A Girl On A Swing: A Short Story
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A Girl On A Swing: A Short Story

She sat there thinking of everything that ever was and ever could be.

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A Girl On A Swing: A Short Story

Once upon a time, on a swing in a tiny midwestern park sat a girl. She was a little old to be sitting in a park, but it was a little late in the fall and a little late in the day for anyone else to be there, so she found it okay.

She sat there, and she stared into the distance, drifting into the past, thinking of everything that ever was and wondering about everything that could be. The past was darker and pulled her deeper, back to days that she dares not to think of let alone speak about. It was almost time.

She was jolted back to the present by the sound of her mother's voice calling her home for dinner. Not wanting to go back into that house but knowing that there was no other choice but to go, she went. It's almost time.

On the walk home, she thought of the actions that got her into the current situation. If only she hadn't gone to that party that night, if only she hadn't worn that blouse, then maybe everything would be okay.

Maybe she did have another choice. Maybe she didn't have to go home. Maybe if she didn't go home, she wouldn't have to face her fate. Maybe she could turn left down this sidewalk and follow it all the way to the bus station. Maybe at that bus station, she would get on a bus, a bus that would be going to a destination, a destination that would be unknown to her and very far away from where she currently was. Maybe she was delusional for thinking that that was actually an option. It's almost time.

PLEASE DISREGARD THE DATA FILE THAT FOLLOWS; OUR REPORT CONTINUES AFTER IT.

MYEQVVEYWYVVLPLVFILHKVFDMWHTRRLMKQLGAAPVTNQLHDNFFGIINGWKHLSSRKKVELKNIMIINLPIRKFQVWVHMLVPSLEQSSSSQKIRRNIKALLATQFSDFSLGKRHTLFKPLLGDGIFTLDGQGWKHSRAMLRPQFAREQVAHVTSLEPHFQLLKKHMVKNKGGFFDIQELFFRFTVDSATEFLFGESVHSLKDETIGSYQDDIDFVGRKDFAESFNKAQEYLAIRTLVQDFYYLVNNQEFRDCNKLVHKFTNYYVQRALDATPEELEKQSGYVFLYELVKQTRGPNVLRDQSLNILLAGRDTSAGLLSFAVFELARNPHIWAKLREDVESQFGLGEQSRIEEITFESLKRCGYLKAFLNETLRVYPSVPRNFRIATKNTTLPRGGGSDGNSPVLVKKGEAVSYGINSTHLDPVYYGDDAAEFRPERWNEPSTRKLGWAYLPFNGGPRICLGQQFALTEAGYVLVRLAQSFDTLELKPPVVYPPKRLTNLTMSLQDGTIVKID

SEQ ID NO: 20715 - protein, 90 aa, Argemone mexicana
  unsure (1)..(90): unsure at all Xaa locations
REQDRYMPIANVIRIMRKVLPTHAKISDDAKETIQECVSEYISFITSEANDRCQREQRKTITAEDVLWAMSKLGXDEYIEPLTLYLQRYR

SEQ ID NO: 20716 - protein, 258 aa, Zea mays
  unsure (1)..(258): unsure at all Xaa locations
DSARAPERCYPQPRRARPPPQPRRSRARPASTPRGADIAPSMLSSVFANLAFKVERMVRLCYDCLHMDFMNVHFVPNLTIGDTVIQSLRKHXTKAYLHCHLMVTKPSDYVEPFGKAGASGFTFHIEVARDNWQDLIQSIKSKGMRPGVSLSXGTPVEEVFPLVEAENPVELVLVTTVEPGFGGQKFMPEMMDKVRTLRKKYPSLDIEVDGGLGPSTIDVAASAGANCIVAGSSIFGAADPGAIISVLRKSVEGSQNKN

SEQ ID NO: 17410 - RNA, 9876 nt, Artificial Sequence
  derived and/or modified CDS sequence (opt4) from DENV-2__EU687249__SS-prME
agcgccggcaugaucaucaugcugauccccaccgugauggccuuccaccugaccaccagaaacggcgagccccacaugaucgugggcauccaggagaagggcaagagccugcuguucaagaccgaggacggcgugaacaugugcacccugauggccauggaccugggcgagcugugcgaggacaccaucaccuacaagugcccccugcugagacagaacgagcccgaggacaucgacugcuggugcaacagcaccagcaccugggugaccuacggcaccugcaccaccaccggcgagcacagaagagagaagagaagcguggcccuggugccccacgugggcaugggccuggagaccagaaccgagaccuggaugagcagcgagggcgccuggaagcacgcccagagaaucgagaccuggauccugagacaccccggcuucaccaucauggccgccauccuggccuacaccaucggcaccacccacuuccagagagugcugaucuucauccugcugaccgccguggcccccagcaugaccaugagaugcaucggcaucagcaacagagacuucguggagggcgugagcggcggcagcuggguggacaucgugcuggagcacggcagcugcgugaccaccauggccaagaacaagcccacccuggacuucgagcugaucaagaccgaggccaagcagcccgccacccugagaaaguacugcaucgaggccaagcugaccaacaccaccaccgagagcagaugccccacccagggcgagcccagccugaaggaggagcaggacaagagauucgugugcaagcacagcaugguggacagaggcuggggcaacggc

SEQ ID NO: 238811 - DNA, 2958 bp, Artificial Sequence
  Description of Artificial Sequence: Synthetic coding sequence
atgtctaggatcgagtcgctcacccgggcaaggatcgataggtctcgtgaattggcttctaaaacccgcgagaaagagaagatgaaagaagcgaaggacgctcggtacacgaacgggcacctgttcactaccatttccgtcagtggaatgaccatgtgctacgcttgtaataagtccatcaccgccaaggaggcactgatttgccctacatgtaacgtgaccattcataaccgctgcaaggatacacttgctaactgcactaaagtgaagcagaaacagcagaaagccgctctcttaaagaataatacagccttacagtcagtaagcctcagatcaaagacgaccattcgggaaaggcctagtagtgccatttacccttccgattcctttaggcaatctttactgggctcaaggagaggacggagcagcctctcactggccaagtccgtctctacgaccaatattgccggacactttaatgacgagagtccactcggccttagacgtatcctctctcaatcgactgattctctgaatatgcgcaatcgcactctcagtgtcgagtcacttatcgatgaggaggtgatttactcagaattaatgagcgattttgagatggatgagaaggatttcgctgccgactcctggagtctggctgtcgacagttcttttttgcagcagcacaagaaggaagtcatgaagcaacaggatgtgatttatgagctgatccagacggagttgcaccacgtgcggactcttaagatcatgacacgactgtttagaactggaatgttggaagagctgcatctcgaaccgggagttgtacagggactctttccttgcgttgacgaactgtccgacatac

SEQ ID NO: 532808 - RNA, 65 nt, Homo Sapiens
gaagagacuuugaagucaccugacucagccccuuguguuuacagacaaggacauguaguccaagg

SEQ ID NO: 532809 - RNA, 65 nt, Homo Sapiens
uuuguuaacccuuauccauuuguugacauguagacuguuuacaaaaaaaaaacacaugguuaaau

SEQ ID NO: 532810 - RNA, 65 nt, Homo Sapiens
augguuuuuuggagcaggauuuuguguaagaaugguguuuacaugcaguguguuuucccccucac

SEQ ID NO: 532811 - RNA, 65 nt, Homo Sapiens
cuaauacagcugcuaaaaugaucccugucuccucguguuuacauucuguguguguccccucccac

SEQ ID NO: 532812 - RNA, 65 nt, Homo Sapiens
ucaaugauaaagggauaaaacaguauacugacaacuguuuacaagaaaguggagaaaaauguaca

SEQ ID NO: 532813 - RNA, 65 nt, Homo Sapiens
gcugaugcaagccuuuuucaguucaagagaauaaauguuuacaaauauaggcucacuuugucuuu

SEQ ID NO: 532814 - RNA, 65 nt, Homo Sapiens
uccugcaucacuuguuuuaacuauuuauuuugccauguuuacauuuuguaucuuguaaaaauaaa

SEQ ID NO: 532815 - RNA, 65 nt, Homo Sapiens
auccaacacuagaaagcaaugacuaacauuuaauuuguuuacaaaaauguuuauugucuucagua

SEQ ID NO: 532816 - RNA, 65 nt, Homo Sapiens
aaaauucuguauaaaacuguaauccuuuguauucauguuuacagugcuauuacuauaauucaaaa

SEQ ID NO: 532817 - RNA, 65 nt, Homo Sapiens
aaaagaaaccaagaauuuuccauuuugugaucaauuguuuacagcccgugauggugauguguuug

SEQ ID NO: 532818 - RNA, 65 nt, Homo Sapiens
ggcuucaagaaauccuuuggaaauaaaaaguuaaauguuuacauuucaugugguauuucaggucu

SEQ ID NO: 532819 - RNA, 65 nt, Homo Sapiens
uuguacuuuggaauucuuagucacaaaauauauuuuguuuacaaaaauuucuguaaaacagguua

She stepped foot in the door and immediately was flooded with the smells of home: vanilla and her mother's perfume with a dash of buttery mashed potatoes.

Her head was swimming. She was overwhelmed with emotion and wanted so badly to explode and let everyone know everything, but she knew no one could ever know her secrets. It was almost time.

"Could you set the table?" her mother asked as she set a pile of plates, napkins, and silverware into her outstretched arms.

Yeah, Mom, of course, I'll set the table. Thanks for asking. The doorbell rang. It's almost time.

Her sister opened the door. Oh, no. "Mom, someone left a box on the porch!" Oh, no. She can't know the truth. "It's addressed to-" she cuts off when I snatch the package from her hands. No one can know the truth. It would be the end, maybe the end of it all.

"Thanks, hon, but I got it from here. You know how to set the table, right?" I needed to get her mind off this. I needed to fix this before it all went downhill. It's almost time.

She took the box and ran to her room.

How do I fix this? I made this mess. None of this would have happened had I not been so funny at that party. She finally opened the box. She then pulled the toy dinosaur out of the box and the whole world exploded.
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